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CURRENT ISSUE: april-may 2009


EveryOne:Reaching Farther Together







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David Brown

brown on green

Staying Balanced in a See-Saw Market


Brown on Green is a regular column written by Free Will Baptist Foundation Director David Brown. The column offers financial advice, addresses hot-button business topics, and answers your finance questions. Contact David with your anonymous question:



The market goes up. The market goes down.

Lately it has all been down, but it is difficult to make decisions about the stock market either way. When it goes down should I sell or buy more? When stocks go up should I sell and take my profits, or should I hang on to see if it goes higher? Most people don’t invest in individual stocks but wisely choose a diversified portfolio in a mutual fund or a family of funds. Even in these situations, decisions about investing are trying.

Two opposite philosophies have emerged in this arena. One group believes you should buy and hold. When the market is rough you just ride it out, agonizing through losses, celebrating when it rises. The other philosophy is called market timing. The idea is to exit the market before it hits bottom and to buy when it starts to rally. In theory, the investor avoids much of his loss and will enjoy substantial gains when the market rally begins.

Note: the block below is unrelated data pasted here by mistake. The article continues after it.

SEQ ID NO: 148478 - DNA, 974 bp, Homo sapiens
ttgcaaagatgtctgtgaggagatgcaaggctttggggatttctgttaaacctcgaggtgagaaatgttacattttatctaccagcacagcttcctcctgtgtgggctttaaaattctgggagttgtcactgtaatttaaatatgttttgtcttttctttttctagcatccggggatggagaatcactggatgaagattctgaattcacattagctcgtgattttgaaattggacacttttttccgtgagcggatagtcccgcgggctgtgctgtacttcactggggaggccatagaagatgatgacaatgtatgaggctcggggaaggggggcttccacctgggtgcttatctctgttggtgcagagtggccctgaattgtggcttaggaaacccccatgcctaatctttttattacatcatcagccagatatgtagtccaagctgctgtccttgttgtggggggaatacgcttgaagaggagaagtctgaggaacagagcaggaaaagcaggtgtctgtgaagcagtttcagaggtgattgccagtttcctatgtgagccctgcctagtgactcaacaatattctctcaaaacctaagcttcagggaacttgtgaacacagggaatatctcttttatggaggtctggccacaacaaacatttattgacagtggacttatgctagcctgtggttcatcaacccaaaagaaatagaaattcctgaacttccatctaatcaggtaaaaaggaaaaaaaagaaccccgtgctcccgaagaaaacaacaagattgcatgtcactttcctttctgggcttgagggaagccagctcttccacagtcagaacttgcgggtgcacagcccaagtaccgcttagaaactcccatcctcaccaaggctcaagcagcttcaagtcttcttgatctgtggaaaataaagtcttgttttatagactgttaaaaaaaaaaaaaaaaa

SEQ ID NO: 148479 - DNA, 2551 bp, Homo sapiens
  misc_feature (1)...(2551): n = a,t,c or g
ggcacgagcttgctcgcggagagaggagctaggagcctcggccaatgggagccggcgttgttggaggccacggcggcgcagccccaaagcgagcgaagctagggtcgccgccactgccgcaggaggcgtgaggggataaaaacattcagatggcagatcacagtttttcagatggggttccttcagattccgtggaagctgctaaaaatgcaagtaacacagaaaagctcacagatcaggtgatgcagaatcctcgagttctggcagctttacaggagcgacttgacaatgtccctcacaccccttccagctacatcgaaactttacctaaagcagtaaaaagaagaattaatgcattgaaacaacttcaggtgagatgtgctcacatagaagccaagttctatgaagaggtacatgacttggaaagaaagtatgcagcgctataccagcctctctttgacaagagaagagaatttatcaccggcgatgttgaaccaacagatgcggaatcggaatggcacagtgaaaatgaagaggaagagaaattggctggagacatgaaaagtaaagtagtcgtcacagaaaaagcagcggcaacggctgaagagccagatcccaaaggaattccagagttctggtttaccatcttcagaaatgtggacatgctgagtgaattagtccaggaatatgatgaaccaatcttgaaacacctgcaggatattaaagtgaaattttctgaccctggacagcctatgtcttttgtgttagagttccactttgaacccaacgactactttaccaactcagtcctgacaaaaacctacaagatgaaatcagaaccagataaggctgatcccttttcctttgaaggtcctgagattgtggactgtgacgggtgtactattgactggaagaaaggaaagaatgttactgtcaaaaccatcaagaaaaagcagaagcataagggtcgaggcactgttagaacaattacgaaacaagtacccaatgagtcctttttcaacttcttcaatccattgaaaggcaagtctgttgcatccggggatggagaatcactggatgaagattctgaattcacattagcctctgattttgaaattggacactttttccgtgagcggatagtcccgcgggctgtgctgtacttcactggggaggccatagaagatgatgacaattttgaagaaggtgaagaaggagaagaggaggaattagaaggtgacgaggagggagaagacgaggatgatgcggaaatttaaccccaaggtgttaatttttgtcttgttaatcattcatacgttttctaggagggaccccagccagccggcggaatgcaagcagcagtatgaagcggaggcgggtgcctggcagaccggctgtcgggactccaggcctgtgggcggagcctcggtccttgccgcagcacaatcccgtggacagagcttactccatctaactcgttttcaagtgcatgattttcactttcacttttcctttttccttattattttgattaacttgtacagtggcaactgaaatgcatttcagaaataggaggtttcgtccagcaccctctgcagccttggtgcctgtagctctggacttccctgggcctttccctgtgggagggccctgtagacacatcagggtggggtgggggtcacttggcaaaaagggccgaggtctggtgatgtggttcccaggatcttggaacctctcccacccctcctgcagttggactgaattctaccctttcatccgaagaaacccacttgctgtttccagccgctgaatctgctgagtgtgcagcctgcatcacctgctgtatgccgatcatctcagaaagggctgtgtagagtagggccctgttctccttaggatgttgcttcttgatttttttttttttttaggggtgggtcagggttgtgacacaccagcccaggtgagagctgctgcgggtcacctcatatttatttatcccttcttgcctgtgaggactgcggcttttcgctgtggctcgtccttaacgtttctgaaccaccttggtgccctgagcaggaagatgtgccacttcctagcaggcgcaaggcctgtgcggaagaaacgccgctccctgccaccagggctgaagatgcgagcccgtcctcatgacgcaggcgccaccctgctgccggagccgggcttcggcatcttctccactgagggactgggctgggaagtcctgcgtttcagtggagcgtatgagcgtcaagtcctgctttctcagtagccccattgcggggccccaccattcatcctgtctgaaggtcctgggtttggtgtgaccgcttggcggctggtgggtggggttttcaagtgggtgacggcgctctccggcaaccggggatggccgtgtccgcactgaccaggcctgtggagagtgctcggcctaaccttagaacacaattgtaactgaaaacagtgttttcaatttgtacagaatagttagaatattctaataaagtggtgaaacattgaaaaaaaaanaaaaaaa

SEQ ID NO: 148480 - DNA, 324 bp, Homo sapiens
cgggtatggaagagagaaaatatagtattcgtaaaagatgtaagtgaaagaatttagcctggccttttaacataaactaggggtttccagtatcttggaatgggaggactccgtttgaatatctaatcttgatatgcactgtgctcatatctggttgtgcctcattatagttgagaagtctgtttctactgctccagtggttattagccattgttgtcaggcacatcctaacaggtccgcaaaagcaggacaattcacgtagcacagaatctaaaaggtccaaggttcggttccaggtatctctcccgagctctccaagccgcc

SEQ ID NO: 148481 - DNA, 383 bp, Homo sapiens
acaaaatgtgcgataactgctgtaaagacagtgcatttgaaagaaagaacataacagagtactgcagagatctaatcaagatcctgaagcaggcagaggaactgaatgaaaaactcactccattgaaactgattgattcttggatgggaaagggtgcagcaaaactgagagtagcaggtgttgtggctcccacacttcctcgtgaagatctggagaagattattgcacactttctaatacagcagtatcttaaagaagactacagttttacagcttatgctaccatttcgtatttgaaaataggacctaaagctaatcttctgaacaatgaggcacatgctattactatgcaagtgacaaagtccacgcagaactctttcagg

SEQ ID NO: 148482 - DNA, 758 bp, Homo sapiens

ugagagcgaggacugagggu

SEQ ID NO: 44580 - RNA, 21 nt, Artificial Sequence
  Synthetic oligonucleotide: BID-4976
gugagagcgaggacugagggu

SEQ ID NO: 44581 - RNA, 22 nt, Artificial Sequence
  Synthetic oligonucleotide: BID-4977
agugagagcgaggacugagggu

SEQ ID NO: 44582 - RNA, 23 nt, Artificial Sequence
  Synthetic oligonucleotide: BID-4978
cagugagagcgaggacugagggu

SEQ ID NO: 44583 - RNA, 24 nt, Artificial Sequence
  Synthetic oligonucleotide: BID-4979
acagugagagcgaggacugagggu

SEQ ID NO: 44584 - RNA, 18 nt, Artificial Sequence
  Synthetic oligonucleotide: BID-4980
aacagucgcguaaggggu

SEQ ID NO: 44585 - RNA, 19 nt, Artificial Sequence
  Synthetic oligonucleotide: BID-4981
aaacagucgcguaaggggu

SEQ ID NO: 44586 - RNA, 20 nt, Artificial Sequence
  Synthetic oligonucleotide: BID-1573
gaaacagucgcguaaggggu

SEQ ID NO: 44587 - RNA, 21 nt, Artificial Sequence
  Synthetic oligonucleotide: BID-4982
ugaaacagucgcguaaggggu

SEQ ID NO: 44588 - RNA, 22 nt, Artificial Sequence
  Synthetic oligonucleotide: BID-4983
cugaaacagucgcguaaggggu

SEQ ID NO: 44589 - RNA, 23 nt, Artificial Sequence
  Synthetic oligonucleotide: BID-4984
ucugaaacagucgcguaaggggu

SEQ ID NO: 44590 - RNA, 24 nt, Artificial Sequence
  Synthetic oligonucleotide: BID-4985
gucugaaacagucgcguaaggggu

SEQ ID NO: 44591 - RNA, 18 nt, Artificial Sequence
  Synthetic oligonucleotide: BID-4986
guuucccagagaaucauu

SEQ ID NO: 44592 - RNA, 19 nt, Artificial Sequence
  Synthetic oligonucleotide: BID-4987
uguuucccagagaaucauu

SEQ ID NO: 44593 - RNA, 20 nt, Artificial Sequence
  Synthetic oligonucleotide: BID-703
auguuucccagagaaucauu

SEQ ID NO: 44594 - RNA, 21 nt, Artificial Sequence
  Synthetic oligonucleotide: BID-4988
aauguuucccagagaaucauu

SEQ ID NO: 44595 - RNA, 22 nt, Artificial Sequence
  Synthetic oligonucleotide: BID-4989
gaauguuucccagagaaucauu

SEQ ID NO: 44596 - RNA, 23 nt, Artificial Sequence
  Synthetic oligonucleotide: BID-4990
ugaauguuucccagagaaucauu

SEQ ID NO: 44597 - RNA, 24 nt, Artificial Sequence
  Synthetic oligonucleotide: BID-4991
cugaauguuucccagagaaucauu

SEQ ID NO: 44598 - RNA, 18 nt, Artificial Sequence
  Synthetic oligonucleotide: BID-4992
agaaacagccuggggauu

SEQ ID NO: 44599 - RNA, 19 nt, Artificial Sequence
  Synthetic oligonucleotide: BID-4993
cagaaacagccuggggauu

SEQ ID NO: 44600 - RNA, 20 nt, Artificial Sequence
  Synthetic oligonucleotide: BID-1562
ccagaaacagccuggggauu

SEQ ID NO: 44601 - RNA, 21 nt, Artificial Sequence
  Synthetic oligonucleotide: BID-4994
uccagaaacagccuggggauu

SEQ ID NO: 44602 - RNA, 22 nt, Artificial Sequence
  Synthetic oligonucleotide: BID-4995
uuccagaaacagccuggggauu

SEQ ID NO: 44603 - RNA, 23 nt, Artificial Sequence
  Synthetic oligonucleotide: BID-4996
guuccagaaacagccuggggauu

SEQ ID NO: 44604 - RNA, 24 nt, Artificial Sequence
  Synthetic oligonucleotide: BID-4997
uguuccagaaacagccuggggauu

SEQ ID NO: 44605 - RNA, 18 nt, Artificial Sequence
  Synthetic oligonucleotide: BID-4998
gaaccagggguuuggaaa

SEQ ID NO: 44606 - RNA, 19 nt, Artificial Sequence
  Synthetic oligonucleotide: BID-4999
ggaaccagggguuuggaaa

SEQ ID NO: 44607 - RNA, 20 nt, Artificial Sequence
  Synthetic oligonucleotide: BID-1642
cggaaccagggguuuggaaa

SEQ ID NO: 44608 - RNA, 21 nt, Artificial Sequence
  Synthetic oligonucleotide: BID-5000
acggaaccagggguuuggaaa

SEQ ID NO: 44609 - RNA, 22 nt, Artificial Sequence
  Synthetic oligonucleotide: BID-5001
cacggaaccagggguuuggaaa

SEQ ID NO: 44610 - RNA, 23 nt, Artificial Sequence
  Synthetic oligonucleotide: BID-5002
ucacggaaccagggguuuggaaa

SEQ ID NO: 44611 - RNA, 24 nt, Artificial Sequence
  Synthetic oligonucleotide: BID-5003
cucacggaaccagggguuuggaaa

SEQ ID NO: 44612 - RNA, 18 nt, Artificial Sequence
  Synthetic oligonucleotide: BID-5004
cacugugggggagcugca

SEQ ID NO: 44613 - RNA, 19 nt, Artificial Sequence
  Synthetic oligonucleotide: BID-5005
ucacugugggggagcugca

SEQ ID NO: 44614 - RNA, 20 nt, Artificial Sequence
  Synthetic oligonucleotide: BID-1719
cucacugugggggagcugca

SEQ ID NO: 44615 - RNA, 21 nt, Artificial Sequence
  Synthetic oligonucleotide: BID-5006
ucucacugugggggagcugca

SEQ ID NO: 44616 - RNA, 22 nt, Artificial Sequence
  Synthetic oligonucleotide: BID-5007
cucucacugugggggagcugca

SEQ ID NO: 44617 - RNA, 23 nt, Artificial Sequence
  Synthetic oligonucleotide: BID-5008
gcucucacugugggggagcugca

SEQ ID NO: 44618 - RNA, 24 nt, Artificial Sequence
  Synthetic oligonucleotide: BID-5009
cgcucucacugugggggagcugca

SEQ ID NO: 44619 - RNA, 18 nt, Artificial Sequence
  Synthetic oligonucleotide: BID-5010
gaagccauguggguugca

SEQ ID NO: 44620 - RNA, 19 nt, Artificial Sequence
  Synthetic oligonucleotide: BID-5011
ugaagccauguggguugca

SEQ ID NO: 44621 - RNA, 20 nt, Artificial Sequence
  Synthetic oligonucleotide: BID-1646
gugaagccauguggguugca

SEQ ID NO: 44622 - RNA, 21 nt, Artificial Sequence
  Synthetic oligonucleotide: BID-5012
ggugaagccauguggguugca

See-Saw Economy


While the market timing method works in theory, in practice it does not work well for most of us. The reason is that timing the market means investing a lot of time studying the market to determine the exact best time to sell or buy. Since most of us do not study the market daily, it is likely we could miss on both ends which results in poorer performance than the buy and hold method.

The stock market moves in cycles, both in a downward market and an upward direction. However the biggest gains in an up market cycle tend to occur early in the cycle, and the biggest losses tend to be in the early stages of the downward cycle.

Therefore, missing on either end can be disastrous for a market timer. The investor who buys and holds may see values decline dramatically but will also see a huge surge when the market turns. Unless you have the time to closely follow the market you should buy and hold but hang on because sometimes the ride can be wild.


Hang on! Sometimes the ride can be wild.


About the columnist: David Brown is the director of the Free Will Baptist Foundation. Learn more about how the Foundation can help you give more effectively at



©2009 ONE Magazine, National Association of Free Will Baptists